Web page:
Mr. Mayo was granted leave of absence from the Association in the fall of 1961 to become Chairman of the President’s Panel on Mental Retardation, a position he held until the report of the Panel was submitted a year later. The recommendations of the Panel served a establish the guidelines with which the government has launched its attack on one of our nation’s most serious and costly health problems. As a member of the President’s Committee on Mental Retardation, to which Mr. Mayo was appointed by President Johnson in May 1966, he continues to make a major contribution in this important area.
Recognizing that his indomitable energies would not permit retirement in its classic sense, Colby College has appointed its distinguished graduate as Professor of the Humanities. Thus, many others many now reap the benefits of his intelligence and imagination.
The Board, Council, and Staff of the Association are most grateful for Mr. Mayo’s vital leadership—a source of inspiration to all. We treasure his friendship.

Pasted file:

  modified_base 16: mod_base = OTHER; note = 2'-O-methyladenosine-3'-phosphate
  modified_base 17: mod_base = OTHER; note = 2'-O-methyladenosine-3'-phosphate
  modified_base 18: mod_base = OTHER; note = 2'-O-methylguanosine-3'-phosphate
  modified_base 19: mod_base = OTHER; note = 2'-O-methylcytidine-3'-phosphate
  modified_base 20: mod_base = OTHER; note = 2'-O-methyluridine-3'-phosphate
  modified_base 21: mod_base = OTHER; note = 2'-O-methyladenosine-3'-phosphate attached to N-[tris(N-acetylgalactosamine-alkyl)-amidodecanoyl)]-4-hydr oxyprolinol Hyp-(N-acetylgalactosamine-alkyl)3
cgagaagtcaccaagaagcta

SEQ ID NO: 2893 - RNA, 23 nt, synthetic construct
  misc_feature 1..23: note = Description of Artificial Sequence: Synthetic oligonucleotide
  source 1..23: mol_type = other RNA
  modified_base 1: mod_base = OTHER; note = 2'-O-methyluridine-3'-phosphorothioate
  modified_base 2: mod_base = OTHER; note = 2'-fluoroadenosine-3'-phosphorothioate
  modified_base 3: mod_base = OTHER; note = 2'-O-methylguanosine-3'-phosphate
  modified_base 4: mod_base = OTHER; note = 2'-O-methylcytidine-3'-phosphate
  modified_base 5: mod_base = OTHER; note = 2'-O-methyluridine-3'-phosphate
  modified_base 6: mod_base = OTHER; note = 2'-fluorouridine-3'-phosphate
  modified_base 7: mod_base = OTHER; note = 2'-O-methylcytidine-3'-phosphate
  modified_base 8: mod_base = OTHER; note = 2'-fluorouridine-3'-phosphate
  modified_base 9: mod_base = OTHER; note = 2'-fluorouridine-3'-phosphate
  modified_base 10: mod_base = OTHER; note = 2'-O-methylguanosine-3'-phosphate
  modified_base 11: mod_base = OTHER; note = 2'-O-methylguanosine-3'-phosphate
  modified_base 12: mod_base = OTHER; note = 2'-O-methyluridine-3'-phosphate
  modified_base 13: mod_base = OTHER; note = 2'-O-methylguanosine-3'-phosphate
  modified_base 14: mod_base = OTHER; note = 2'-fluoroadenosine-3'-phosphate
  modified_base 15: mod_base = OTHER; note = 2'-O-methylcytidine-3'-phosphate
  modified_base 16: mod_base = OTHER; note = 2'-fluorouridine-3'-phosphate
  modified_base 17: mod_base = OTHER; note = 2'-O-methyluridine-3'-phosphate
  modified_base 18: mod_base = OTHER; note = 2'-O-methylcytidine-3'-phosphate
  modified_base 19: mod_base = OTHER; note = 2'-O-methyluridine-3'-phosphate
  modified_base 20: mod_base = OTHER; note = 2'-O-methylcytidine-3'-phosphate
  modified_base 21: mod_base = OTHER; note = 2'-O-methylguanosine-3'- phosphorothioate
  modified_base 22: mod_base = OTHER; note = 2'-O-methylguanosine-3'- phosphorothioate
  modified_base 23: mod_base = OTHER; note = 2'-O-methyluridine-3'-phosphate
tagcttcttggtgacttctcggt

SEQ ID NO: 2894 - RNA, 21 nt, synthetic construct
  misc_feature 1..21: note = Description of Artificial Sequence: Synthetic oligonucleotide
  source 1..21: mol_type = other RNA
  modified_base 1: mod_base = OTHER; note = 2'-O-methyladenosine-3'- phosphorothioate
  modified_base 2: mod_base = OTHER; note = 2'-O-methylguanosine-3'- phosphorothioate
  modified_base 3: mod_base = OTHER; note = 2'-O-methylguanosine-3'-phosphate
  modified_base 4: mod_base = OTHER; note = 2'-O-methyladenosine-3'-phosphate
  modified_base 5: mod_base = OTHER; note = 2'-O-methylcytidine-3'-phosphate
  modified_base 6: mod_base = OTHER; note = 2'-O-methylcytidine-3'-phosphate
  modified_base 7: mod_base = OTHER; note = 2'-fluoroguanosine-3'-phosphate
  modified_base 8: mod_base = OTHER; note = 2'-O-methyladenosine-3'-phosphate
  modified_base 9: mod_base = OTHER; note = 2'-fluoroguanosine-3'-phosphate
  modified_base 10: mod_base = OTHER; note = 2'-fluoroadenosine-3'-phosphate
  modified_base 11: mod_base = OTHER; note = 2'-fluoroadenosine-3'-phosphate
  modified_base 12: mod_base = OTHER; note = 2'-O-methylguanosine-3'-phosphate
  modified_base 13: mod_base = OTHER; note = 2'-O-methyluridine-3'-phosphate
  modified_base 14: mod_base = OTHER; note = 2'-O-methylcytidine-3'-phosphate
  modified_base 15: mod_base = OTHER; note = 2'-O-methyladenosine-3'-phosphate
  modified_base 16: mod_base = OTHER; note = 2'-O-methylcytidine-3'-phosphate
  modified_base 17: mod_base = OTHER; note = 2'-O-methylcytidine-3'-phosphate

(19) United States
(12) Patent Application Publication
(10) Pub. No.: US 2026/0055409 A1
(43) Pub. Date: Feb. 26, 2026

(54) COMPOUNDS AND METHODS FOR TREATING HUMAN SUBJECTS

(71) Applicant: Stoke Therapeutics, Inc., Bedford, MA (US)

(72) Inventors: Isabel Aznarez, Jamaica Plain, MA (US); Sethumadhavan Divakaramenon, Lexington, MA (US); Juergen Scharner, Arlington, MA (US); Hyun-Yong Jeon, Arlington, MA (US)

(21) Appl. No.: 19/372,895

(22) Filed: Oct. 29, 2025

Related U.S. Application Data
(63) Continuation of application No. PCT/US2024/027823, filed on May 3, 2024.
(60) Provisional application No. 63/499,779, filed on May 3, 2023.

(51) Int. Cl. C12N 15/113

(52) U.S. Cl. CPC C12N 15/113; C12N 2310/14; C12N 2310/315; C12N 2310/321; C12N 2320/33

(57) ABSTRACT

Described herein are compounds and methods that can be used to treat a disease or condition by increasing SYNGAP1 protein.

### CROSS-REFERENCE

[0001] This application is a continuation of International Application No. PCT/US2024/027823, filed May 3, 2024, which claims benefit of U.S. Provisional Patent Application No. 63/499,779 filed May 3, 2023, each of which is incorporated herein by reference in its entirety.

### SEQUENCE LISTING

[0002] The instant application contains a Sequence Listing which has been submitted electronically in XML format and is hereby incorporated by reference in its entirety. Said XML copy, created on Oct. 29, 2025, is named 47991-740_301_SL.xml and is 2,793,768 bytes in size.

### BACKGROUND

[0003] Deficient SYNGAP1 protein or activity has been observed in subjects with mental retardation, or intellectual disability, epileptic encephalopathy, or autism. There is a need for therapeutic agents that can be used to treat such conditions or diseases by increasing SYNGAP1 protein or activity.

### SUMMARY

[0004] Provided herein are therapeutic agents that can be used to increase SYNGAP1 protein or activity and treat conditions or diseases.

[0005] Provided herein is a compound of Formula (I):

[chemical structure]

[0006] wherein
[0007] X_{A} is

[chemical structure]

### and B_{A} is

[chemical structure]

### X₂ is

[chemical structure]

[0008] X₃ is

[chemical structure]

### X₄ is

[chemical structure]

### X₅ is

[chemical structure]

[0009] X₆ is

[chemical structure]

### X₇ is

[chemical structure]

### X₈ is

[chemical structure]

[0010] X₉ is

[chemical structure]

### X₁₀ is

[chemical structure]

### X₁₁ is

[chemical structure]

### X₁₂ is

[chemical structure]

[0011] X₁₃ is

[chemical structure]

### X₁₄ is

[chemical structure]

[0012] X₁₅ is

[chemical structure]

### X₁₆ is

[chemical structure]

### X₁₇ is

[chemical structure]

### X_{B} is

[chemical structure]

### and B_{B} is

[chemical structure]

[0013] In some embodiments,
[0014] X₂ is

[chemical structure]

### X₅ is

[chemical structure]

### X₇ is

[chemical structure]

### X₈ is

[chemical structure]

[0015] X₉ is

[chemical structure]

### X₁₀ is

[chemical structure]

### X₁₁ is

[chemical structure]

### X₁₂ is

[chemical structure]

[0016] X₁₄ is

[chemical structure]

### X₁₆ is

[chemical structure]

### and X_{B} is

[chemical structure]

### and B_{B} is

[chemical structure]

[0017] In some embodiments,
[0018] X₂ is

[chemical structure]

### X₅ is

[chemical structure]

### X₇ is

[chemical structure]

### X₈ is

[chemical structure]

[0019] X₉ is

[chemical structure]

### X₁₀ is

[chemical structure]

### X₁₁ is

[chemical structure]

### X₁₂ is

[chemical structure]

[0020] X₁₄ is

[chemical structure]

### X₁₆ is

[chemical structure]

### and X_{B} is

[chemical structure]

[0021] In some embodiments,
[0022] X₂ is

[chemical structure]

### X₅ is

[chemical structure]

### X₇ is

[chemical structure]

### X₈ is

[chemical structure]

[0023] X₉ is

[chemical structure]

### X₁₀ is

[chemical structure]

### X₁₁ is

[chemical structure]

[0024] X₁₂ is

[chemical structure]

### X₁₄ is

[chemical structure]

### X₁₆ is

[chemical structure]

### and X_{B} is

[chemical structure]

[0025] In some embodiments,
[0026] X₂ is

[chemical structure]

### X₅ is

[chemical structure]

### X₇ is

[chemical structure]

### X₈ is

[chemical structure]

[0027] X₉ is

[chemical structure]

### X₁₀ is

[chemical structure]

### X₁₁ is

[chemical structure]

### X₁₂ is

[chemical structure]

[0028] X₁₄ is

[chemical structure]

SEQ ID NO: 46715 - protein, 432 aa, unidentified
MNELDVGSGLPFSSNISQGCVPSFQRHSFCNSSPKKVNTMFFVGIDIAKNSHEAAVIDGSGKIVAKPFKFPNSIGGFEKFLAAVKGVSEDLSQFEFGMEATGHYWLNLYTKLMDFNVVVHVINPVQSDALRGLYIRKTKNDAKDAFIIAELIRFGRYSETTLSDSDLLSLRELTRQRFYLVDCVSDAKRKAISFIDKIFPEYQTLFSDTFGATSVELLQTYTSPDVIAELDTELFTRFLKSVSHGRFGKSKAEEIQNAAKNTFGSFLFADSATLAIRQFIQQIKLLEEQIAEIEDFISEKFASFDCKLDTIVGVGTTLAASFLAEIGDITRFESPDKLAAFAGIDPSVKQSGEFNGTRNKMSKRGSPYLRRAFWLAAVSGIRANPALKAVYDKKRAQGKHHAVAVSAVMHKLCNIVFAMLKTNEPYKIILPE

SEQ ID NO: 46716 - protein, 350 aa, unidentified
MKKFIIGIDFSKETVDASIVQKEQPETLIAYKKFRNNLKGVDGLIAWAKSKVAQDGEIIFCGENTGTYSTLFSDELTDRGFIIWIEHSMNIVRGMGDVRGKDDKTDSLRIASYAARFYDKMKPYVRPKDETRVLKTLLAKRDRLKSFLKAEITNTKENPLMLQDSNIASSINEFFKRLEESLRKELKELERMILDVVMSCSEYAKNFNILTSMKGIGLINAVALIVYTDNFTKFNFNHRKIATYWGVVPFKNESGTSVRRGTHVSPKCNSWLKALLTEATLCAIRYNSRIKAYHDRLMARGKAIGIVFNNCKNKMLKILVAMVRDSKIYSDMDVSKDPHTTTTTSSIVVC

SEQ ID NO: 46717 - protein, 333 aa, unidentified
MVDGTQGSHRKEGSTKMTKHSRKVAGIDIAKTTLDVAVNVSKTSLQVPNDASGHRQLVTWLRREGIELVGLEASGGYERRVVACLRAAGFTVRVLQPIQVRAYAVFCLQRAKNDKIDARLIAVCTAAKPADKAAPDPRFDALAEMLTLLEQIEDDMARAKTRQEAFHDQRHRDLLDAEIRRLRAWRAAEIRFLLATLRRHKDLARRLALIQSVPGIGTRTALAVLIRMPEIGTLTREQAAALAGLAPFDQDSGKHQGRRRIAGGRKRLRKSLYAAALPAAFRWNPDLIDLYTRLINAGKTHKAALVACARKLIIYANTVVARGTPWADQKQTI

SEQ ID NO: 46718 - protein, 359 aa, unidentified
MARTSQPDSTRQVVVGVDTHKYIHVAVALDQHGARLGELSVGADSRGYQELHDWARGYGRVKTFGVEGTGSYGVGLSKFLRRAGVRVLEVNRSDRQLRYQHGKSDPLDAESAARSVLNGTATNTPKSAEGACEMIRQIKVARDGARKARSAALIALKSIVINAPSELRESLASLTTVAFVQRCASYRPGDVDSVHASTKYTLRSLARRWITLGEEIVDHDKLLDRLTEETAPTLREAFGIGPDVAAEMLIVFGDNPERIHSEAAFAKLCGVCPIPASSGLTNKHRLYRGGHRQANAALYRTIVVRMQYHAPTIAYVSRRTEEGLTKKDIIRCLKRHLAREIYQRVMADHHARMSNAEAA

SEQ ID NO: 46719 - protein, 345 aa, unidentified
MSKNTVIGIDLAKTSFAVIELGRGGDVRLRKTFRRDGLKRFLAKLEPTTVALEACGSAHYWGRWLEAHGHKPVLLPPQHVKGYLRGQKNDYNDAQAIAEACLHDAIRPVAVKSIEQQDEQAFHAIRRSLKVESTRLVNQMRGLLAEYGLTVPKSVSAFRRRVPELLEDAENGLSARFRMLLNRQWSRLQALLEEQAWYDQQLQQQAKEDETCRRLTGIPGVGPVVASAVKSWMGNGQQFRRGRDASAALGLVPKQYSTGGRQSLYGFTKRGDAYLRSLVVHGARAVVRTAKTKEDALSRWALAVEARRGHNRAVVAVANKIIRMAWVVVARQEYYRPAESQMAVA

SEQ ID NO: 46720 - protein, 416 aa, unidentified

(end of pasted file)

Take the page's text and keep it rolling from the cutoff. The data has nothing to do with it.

LEWIS B. CUYLER, President of the Board
NEVIL FORD, Chairman of the Council
NATIONAL CONFERENCE ON SOCIAL WELFARE
FORM FOR NOMINATION FOR NCSW AWARD
Name of Nominee: Leonard W. Mayo, October 11, 1957
Leonard W. Mayo—a distinguished social work statesman who, as chairman of the National Council of Churches’ Department of Social Welfare, has given outstanding service to the field of church-related social welfare. As chairman of the National Conference on Policy and Strategy in Social Welfare in 1957, he has been responsible for the development of a coordinated social welfare policy among the thirty Protestant and Eastern Orthodox denominations constituent to the National Council of Churches.